|Radio Strain Insulators
by Dan Howard
Most radio strain insulators date from the 1930's and 1940's. As the hobby of short-wave listening took the country during the depression, outdoor antennas hanging in trees became a common sight. Radio strains were most often used in pairs, one for each end of the antenna wire. A lightning arrester was used to protect the house in case lightning struck the antenna. Many department stores sold "antenna kits" that contained insulators, a lightning arrester, and a length of wire.
Radio strains were made of glass, porcelain, plastic - virtually any kind of insulating material. Lightning arresters were usually made of porcelain, bakelite, or glass. Strains can be found in all sizes ranging from in size from 3/4" to 6'. The most common size is 2 to 3 inches.
With the coming of television in the 1940's and 1950's, the introduction of FM, and general improvement in radio technology, the outdoor antenna quickly became a thing of the past. A few plastic radio strains are still sold today - mainly to experimenters and ham radio operators. Lightning arresters are still available for protecting the lead-in wires from roof-top TV antennas (especially in regions with a high lightning risk).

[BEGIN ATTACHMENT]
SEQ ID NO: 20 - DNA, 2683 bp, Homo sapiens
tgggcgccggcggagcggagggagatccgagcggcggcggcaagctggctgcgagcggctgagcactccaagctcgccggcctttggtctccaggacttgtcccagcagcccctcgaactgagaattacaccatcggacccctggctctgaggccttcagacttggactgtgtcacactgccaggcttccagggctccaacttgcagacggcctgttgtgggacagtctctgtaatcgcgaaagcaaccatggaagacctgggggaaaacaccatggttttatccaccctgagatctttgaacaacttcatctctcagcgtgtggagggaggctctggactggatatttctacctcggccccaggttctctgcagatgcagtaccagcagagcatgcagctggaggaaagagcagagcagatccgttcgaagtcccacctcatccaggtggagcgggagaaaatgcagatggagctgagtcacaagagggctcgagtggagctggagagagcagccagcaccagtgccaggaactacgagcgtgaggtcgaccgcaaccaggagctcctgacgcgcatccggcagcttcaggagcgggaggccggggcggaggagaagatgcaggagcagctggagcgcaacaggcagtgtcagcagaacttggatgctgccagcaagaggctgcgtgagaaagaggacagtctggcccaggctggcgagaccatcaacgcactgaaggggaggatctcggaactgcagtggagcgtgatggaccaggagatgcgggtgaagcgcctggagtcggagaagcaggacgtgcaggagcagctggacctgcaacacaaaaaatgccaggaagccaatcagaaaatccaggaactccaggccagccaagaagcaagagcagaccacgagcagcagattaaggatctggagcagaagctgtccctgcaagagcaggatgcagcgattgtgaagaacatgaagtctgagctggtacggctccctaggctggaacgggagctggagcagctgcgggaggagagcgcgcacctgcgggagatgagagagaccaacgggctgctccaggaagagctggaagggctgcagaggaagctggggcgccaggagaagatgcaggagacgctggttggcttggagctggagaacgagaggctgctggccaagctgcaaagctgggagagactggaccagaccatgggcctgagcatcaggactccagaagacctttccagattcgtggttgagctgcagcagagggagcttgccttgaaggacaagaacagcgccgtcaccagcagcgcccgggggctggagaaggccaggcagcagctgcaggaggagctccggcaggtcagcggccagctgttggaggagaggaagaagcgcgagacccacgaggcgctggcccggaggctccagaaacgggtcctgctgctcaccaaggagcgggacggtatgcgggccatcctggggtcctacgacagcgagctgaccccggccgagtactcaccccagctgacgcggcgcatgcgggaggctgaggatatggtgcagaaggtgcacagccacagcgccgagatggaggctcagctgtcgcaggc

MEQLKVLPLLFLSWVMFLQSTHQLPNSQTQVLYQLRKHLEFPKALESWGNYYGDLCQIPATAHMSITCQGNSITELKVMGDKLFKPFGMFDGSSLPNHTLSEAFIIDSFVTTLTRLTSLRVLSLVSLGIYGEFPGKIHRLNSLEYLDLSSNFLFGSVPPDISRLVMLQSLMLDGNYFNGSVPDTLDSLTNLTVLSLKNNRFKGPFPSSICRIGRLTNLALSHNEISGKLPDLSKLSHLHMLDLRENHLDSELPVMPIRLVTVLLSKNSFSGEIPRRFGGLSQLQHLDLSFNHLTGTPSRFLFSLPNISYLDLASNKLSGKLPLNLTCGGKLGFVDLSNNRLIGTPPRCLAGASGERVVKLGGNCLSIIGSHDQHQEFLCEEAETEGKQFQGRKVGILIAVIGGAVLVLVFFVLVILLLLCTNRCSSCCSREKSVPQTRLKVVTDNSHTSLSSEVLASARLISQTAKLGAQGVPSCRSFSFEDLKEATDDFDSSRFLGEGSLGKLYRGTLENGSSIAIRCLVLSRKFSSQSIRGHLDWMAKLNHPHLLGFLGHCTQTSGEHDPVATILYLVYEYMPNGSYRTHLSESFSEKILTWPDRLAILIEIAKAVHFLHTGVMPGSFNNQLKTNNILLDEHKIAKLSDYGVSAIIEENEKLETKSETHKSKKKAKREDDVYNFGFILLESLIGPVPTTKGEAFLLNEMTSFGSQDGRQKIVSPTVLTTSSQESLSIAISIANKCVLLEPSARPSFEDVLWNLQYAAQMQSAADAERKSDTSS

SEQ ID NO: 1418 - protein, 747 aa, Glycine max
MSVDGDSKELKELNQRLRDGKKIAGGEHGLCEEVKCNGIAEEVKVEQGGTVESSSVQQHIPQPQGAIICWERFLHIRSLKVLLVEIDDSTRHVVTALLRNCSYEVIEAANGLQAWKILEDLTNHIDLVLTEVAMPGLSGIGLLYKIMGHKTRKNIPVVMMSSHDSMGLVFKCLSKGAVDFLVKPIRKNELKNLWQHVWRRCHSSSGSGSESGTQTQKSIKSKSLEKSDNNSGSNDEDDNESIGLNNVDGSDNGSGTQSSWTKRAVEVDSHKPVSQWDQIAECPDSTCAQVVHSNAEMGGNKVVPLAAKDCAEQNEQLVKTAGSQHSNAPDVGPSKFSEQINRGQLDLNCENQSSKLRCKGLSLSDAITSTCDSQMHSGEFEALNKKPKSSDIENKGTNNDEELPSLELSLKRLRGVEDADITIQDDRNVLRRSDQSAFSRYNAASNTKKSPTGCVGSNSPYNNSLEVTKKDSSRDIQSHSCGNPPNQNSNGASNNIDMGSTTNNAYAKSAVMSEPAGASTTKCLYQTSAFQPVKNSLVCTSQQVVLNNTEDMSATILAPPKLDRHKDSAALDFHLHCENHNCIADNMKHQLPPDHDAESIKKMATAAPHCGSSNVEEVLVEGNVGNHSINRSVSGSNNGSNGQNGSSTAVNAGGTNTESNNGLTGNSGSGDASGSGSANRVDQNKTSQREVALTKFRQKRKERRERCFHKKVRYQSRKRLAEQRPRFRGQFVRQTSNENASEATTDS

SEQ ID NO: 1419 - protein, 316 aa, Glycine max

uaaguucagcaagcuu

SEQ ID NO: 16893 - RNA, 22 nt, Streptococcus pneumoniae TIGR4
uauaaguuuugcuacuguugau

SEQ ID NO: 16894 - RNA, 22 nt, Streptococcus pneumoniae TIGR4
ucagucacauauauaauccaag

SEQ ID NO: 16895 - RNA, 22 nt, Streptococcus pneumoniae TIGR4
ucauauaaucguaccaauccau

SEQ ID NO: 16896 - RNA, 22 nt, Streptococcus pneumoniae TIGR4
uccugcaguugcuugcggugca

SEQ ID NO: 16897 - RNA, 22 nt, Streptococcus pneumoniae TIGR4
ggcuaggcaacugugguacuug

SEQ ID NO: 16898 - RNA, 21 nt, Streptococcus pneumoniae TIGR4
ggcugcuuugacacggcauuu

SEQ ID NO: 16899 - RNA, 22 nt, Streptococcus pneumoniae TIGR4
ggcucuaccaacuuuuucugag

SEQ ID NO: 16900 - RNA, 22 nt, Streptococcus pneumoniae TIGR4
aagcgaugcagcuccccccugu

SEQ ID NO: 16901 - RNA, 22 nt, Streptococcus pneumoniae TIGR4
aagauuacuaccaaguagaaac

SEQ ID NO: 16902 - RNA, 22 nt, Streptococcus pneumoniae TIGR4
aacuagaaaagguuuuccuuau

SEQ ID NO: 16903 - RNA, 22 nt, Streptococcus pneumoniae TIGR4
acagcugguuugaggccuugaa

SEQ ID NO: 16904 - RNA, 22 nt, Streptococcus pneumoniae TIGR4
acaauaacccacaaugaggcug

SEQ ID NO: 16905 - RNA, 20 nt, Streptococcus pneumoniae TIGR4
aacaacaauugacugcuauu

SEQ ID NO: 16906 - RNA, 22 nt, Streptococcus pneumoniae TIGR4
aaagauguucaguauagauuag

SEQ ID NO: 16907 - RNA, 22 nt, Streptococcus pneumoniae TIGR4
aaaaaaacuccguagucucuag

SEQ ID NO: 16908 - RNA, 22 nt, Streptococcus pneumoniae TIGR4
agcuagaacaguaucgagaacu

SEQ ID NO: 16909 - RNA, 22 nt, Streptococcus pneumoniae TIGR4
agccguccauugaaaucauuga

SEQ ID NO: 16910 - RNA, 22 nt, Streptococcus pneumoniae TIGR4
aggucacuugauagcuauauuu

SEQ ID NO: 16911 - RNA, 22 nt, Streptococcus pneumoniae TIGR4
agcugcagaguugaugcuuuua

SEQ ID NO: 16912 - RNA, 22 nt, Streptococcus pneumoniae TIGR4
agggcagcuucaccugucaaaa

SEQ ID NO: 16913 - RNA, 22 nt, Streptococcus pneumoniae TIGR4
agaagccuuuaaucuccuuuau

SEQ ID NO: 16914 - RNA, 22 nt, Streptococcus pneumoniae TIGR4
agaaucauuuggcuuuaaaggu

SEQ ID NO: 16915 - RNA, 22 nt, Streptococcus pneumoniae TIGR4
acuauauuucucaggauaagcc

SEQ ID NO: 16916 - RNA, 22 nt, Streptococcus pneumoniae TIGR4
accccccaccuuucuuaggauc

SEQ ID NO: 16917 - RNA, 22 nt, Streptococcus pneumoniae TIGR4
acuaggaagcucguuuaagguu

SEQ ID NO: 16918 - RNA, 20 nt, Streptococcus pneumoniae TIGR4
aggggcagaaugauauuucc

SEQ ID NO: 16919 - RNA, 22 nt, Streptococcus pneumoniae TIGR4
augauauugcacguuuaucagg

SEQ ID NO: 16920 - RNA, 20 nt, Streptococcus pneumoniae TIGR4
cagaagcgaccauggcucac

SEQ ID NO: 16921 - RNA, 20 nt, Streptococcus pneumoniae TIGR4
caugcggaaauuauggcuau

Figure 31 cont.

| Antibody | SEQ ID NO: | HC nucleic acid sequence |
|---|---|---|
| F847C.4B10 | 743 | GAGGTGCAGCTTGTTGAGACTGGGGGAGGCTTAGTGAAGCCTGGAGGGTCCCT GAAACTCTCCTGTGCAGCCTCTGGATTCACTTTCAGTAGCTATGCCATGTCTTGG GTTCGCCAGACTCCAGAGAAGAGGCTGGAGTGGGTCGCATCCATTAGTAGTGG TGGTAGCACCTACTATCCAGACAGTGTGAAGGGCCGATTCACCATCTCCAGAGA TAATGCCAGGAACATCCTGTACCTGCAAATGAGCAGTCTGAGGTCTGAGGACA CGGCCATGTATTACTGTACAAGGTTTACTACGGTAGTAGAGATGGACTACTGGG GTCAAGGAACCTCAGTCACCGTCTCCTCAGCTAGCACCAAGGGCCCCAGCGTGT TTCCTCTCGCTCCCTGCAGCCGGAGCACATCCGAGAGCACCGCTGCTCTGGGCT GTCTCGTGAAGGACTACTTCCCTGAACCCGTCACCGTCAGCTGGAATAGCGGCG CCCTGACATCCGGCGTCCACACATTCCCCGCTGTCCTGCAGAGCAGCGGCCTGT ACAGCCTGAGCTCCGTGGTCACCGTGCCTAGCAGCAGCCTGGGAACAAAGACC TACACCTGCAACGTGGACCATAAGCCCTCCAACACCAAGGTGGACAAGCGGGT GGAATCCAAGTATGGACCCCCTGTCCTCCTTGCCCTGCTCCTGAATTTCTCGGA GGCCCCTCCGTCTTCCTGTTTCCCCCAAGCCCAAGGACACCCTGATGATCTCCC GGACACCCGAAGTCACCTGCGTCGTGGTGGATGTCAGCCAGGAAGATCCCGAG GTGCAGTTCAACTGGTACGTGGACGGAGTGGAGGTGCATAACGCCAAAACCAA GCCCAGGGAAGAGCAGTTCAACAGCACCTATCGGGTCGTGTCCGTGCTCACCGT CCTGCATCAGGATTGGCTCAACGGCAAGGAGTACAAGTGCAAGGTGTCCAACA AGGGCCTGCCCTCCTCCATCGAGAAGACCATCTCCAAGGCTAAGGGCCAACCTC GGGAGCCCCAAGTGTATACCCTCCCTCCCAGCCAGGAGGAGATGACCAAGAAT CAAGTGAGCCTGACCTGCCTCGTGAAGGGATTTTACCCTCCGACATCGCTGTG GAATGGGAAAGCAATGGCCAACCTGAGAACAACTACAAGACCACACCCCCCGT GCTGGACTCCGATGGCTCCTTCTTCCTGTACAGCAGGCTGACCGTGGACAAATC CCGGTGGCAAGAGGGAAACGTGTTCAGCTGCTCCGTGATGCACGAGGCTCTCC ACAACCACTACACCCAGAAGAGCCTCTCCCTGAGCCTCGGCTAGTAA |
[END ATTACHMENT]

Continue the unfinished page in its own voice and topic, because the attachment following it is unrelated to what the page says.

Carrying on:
There is a bi-monthly newsletter Old Familiar Strains designed to further the exchange of information of interest to radio strain and antenna insulator collectors and to further the hobby.
Please send your questions and comments to Dan Howard at
View some Radio Strain Insulators (5 photographs)
View some Lightning Arresters (2 photographs)
Photographs courtesy of Dan Howard and used with permission.
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Last updated Tuesday, February 13, 2001